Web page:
Well, not exactly you, rather the lies you have been told your whole life. Lies like; "you can't dance", "leave the art to artists", "you're tone deaf", and "only babies scribble". These lies that you have collected over the years might seem insignificant but they have built up into great big walls of "I can't" and "I'm not creative". 

Recently I led a group of adults in a workshop that culminated in painting. The process went well and everyone was open and receptive until we were faced with those blank canvases. Then the comments started. Everyone began making excuses, to no one in particular, about how untalented they were. It was as though they couldn't stop the flood of self doubt and criticism that was pouring into their mind from spilling out in to the room. By the end, everyone had done their work and was pleased to finally be able to praise the other participants.  It seemed hard for most members to say something positive about their own work, but they clearly wanted the other group members feel good about what they had done. 

This happens almost every time I ask a client to embark on a creative task, and it amazes me. Why do people get in their own way? It never happens with kids (well not before middle school), but at some point "grown ups" stop allowing them selves to play. Have you done this? Have you told your self that you aren't creative? 

Well frankly, it is total BS. Not only are you creative, your creativity is a fundamental part of how you function in this world. You probably don't even notice how brilliant you are; how you arrange furniture, put together outfits to convey specific messages, solve complicated problems in your work place, or compose rhetorical sonnets in emails. You are creative every single day...I promise. 

So why is it, that when we get in to a workshop or coaching session that you freeze up and feel the need to spew out lines like; "mine looks terrible", "I give up", "I messed up"? 

It is those walls isn't it? You have been lied to. Some one (probably a teacher) at some point told you that art is measurable, something you can either do or you can't. Someone told you that "talent" was real. 


Do want to know what "talent" is? It is bravery. It is taking the risk and making a choice and moving forward. I can't determine if your art is "good", you are the only one who can asses the value of your own work and when you do so PLEASE don't compare yourself to "great artists" compare yourself to YOURSELF. Did you take a risk? Were you honest and authentic? Did you investigate something? Did you open yourself to a creative process? Did you learn anything? Did you feel anything? If the answer is "yes" to any of these questions then you created a thing of beauty.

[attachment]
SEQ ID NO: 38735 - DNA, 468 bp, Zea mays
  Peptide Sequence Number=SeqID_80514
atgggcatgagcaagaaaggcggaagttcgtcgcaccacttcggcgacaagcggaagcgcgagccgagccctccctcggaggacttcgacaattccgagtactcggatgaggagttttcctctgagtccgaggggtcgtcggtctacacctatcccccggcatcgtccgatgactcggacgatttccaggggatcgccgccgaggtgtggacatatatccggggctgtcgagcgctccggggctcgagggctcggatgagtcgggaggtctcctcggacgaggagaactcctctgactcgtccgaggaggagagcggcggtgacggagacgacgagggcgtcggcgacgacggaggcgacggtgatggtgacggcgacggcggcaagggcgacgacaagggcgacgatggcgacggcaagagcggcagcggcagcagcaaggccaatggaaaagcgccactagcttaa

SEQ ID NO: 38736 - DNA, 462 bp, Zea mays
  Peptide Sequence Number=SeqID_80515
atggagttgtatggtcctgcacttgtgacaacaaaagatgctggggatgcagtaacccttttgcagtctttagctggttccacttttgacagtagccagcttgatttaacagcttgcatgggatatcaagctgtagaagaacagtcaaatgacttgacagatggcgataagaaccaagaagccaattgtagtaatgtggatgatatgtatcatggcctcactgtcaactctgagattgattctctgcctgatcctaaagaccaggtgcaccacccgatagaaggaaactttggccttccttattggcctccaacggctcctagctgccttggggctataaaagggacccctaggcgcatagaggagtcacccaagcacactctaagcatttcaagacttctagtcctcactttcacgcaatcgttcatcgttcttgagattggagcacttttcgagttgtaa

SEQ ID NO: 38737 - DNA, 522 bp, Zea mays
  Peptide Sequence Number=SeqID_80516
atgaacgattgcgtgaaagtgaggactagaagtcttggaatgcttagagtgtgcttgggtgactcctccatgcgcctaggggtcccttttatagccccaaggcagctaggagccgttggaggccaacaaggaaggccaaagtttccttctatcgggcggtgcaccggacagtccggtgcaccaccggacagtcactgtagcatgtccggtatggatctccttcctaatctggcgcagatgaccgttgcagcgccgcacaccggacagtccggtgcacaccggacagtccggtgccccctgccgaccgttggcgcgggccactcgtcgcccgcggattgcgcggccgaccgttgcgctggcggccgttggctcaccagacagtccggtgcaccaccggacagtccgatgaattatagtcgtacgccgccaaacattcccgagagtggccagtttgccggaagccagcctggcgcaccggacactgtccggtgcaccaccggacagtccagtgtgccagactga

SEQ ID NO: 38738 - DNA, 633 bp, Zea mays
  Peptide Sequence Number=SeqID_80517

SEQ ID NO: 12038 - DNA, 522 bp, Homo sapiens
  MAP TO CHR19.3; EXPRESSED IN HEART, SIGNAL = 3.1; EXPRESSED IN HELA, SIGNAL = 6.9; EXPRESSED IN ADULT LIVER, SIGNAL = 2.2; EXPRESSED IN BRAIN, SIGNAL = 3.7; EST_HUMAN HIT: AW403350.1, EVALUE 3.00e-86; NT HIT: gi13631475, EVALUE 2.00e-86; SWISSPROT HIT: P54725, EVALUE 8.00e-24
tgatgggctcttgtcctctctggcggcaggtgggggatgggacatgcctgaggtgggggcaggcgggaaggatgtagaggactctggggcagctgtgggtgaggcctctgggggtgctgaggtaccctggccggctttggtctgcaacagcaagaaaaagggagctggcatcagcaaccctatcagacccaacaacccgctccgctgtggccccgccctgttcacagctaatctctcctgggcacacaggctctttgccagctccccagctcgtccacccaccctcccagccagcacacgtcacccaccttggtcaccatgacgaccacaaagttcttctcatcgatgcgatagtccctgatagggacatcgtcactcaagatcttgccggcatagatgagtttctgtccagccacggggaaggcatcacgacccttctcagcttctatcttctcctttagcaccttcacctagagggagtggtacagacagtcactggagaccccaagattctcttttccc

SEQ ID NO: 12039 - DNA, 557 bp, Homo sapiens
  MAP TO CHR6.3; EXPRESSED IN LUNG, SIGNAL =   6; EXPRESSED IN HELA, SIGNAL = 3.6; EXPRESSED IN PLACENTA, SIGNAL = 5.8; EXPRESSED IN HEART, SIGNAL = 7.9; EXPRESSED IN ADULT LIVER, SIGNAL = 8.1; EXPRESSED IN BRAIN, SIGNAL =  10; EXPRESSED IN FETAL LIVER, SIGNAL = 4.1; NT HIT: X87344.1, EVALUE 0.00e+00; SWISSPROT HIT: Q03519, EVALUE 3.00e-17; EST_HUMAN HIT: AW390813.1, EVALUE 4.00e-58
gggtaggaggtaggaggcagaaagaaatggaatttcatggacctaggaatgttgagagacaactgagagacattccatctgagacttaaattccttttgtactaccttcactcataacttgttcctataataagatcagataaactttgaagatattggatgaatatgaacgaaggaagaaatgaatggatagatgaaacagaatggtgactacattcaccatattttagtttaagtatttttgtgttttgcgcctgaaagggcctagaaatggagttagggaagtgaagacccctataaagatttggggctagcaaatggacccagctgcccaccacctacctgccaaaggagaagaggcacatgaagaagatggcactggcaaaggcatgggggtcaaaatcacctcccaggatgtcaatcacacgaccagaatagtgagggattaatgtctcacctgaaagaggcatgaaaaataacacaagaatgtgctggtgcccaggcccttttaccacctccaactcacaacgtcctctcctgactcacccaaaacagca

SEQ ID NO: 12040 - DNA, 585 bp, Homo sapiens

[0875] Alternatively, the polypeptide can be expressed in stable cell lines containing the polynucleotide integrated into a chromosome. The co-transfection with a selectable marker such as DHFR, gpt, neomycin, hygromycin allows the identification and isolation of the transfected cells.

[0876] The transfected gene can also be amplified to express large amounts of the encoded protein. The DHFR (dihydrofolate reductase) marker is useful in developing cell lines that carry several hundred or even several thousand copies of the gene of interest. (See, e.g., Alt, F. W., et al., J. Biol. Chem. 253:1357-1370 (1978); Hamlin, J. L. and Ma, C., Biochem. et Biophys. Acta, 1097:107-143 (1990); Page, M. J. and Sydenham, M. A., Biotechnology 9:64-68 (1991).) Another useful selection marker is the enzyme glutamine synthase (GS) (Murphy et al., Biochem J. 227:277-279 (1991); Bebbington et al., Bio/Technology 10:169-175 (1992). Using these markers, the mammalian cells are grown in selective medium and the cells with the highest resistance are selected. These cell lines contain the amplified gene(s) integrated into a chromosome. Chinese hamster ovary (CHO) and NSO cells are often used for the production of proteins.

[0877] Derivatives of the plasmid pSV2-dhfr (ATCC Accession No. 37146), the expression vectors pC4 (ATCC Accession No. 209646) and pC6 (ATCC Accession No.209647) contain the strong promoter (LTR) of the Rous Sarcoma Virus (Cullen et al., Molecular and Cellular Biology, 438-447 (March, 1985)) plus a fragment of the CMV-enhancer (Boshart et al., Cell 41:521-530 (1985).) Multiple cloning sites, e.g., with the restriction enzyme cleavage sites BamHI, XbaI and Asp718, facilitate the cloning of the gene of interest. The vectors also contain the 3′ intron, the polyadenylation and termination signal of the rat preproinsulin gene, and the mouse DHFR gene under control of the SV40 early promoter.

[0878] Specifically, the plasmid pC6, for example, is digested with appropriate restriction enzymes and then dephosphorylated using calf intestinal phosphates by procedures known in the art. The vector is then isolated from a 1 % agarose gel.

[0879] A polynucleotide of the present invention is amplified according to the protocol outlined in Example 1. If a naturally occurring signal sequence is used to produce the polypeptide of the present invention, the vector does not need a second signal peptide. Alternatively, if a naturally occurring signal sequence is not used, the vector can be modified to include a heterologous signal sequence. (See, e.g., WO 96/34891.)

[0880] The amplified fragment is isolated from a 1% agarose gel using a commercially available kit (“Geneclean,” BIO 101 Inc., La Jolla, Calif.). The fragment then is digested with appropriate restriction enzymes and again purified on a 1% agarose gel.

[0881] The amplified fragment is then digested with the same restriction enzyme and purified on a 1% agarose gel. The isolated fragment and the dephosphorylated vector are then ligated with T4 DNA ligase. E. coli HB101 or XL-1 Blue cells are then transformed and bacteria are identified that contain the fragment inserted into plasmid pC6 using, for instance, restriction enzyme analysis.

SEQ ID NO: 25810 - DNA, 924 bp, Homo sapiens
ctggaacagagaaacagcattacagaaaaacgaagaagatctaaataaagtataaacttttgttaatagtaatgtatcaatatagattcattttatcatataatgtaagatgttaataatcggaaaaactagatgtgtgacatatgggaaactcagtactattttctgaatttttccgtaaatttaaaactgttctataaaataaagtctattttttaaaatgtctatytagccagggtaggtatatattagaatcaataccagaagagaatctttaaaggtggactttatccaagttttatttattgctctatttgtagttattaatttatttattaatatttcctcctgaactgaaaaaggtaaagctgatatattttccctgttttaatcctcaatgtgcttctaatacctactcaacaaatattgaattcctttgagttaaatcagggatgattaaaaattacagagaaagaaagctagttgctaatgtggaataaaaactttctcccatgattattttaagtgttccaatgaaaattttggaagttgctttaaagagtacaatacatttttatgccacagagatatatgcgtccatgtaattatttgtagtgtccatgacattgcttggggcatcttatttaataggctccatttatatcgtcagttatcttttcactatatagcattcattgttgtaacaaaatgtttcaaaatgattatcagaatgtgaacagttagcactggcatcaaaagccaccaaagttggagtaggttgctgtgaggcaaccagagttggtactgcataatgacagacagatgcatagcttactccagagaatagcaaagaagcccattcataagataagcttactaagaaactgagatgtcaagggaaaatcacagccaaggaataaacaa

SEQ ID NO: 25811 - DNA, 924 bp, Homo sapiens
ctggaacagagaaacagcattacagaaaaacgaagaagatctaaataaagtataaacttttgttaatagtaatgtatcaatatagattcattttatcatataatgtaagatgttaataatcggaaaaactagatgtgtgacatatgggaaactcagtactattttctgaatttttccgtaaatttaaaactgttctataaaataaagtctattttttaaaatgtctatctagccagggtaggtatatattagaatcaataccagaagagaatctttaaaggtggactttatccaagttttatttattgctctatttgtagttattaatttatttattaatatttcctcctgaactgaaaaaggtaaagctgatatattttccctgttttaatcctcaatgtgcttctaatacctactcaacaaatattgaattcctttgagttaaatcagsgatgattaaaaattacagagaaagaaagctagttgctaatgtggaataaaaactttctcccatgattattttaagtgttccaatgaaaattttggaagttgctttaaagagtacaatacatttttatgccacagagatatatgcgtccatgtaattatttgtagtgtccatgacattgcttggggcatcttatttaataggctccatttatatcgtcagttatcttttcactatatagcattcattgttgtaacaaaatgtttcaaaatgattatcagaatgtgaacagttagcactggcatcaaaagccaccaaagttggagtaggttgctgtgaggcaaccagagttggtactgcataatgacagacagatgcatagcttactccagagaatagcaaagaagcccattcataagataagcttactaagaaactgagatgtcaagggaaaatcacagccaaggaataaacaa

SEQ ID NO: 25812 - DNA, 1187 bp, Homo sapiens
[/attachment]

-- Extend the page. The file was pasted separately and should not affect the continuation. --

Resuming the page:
A member of that same group came to me later in the week. She brought me her canvas that she had continued to work on. The image was of a bird, perched on a branch ready to fly and that is what she had titled it, "#1, Thinking of Flying". She told me that participating in the workshop had opened something for her. This was painting #1 and she now envisioned a whole series; this bird in a life cycle and eventually taking wing. She did it. She over came her wall and now she can start to fly. 

Creativity is a are neither good nor bad at it, you just do it or you don't. So please go easier on your self. Let your inner art critic take a break. Stop getting in the way of your own work. Stop being the enemy of your own unfoldment. Just this once, join me and let's see what is possible. 

with love,


Fall Traditions

How will you mark the changing seasons?


I know that for me, warm apple cider on the first or second cool day of the year is a big tradition. There are so many seasonal foods that I crave all year long. In the Spring and Winter I long for Watermelon, but these days I find myself excited about squash, turkey, and pie. This natural craving for seasonal foods is rooted deep in our biology from a time when you really couldn't get strawberries in January. I invite you to celebrate the changes in your life by eating seasonally. You might be shocked by the memories that accumulate around the meals in your life when you bring just a touch of continuousness to your palate.

Arts and Crafts

I also get excited about pumpkins. I know it is silly, but I just love a good pumpkin carving where your up to your elbows in innards and joy. Every year I long for the disgustingly rewarding feeling of scraping out the seeds with a spoon. It just doesn't feel like Autumn until there is a jack-o-lantern on my doorstep. The Fall is also a great time for other types of crafting. Those of you who love a good hot glue gun, get it out and start on that wreath of autumn leaves, a new quit, or your Halloween costume. I'll be over here, with my pumpkin guts.

Time in Nature

There is no better time to get out doors and just go exploring. If you are lucky enough to live in a place where foliage shifts, I implore you to just step out side some time and be grateful for what you have. In Texas, we have mosquitos...but the cooler weather will eventually lull them to sleep, at which point I will get outside to walk...or do some much needed gardening.

Seasonal Gatherings

It isn't quite time for that Winter fire, but the Fall is a beautiful time to gather friends for a board game night or a simple meal and movie. Ancestrally we all know to move inwards as the weather cools, towards our close communities and families. Take the excuse to huddle up and laugh with a group of people who make you feel cozy and at home.